In this March 3, 2016 photo, Sen. Mike Dunleavy, R-Wasilla, listens during a Senate Education Committee hearing at the Capitol.

In this March 3, 2016 photo, Sen. Mike Dunleavy, R-Wasilla, listens during a Senate Education Committee hearing at the Capitol.

New restrictions on sex ed become law

Gov. Bill Walker will allow a controversial bill restricting sex education to become law without his signature.

House Bill 156, sponsored by Rep. Wes Keller, R-Wasilla and amended by Sen. Mike Dunleavy, R-Wasilla is billed as a parental rights measure by its sponsors. Any organization wanting to offer sex-ed classes in Alaska must now be overseen by a local teacher and must have its materials and instructors approved by a local school board.

Under the current system, schools are allowed to decide matters on an individual level.

The bill also exempts Alaska schools from a state-imposed standardized testing mandate. Standardized tests are required by the federal government as well, but the Alaska Department of Education and Early Development has requested a waiver from that federal requirement while it comes up with a replacement for the failed Alaska Measures of Progress exam.

Another element of the bill repeals the requirement that school districts spend no less than 70 percent of their funding on education, not administration.

“This was a very close call for me. I received a lot of input on this legislation — from both sides,” Walker said in a prepared statement at 4:40 p.m. Thursday. “Given that this bill will have a broad and wide-ranging effect on education statewide, I have decided to allow HB 156 to become law without my signature.”

In his formal letter to the Legislature, Walker said he believes “some of the bill’s provisions have been the subject of misunderstanding and confusion.”

That’s likely because of the convoluted path HB 156 took in the Legislature. As proposed by Keller, the bill would have simply allowed districts to take a break from standardized testing.

Keller said during floor debates that “a breather” was necessary because the statewide AMP test didn’t provide the information administrators wanted, and because it could not be administered effectively.

In the Senate, Dunleavy had proposed Senate Bill 89, which would have prohibited abortion providers from teaching sex-ed classes in Alaska schools. The bill was seen as targeting Planned Parenthood, and it failed to pass the House.

When his bill failed, Dunleavy amended HB 156 in the Senate to include SB 89’s core provisions. Those provisions were diluted before HB 156 returned to the House, but it still took representatives four tries to get the 21 votes the bill needed. In the final tally, Rep. Cathy Muñoz, R-Juneau, and Rep. Benjamin Nageak, D-Barrow, became the decisive votes.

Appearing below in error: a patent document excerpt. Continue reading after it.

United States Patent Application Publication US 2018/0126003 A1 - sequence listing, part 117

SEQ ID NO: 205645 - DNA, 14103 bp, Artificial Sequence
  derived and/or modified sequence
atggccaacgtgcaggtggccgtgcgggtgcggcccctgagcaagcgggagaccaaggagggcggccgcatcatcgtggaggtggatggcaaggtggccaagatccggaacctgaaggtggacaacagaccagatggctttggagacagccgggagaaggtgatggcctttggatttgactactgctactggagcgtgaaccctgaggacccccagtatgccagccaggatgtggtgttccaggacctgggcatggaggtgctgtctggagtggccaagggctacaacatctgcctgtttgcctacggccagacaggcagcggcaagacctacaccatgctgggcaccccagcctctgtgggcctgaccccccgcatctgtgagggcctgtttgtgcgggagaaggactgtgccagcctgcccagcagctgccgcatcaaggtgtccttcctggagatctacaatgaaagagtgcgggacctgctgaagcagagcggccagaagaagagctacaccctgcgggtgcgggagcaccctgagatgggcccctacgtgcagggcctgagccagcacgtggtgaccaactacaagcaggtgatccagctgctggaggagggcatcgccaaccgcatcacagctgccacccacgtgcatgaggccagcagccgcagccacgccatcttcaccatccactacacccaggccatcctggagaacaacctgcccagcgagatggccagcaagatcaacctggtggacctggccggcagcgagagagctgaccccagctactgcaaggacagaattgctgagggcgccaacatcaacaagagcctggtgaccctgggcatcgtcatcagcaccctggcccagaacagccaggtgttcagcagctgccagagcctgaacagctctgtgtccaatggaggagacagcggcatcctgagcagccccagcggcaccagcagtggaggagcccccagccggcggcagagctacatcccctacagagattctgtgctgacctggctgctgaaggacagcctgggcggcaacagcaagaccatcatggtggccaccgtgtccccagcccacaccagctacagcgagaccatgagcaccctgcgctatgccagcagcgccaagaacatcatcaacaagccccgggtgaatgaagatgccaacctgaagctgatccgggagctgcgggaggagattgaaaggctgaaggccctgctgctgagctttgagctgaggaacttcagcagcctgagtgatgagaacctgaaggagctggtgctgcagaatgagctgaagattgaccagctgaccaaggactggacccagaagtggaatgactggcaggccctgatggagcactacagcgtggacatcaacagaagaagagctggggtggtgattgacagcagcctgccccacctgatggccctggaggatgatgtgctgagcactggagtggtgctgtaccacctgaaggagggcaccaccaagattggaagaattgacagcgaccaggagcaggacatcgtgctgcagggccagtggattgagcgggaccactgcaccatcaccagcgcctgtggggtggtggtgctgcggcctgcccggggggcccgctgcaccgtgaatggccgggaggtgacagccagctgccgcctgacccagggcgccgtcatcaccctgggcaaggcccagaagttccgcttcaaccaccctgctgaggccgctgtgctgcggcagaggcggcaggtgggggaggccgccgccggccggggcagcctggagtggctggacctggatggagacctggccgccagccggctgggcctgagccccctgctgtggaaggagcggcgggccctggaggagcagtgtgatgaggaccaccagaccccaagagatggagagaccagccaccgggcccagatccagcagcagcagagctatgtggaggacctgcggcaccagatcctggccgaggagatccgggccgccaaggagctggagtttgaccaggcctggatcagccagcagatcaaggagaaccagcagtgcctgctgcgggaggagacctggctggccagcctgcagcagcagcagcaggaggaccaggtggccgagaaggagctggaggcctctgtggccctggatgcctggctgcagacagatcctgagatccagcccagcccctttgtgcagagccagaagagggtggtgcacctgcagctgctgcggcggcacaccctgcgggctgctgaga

“I’m beyond disappointed,” said Juneau teacher Amy Jo Meiners on Twitter after Walker’s decision was announced.

Meiners, an opponent of HB 156, was named Alaska Teacher of the Year for 2016.

“This will cause such a burden on teachers (and) our partners in health education, including parents (and) health (professionals),” she wrote.

Planned Parenthood of the Pacific Northwest agreed with that assessment, with spokeswoman Katie Rogers writing by email that “HB 156 is a crushing blow for comprehensive and medically accurate sexual health education in Alaska, and (Walker’s) lack of action today has … elevated sex ed to the most scrutinized subject in the state.”

Rogers went on to say that because Alaska leads the nation in the rates of reported rape and some sexually transmitted diseases, it should not be putting barriers in the way of education.

Keller responded to those concerns by email, saying in a prepared statement that the bill “does not prohibit sex education. The law is consistent with the philosophy that the local school district should be in control of all curriculum offered in its district. The law does not tell the school board what curriculum to adopt.”

The state’s new commissioner of education, Michael Johnson, in a letter to Walker, said that “from the perspective of a parent and educator, I don’t think the sex-ed requirements are beyond what already happens in many districts, and more importantly, beyond what most parents would expect as a common courtesy when sensitive topics are discussed as part of the planned curriculum.”

• Contact reporter James Brooks at 523-2258 or

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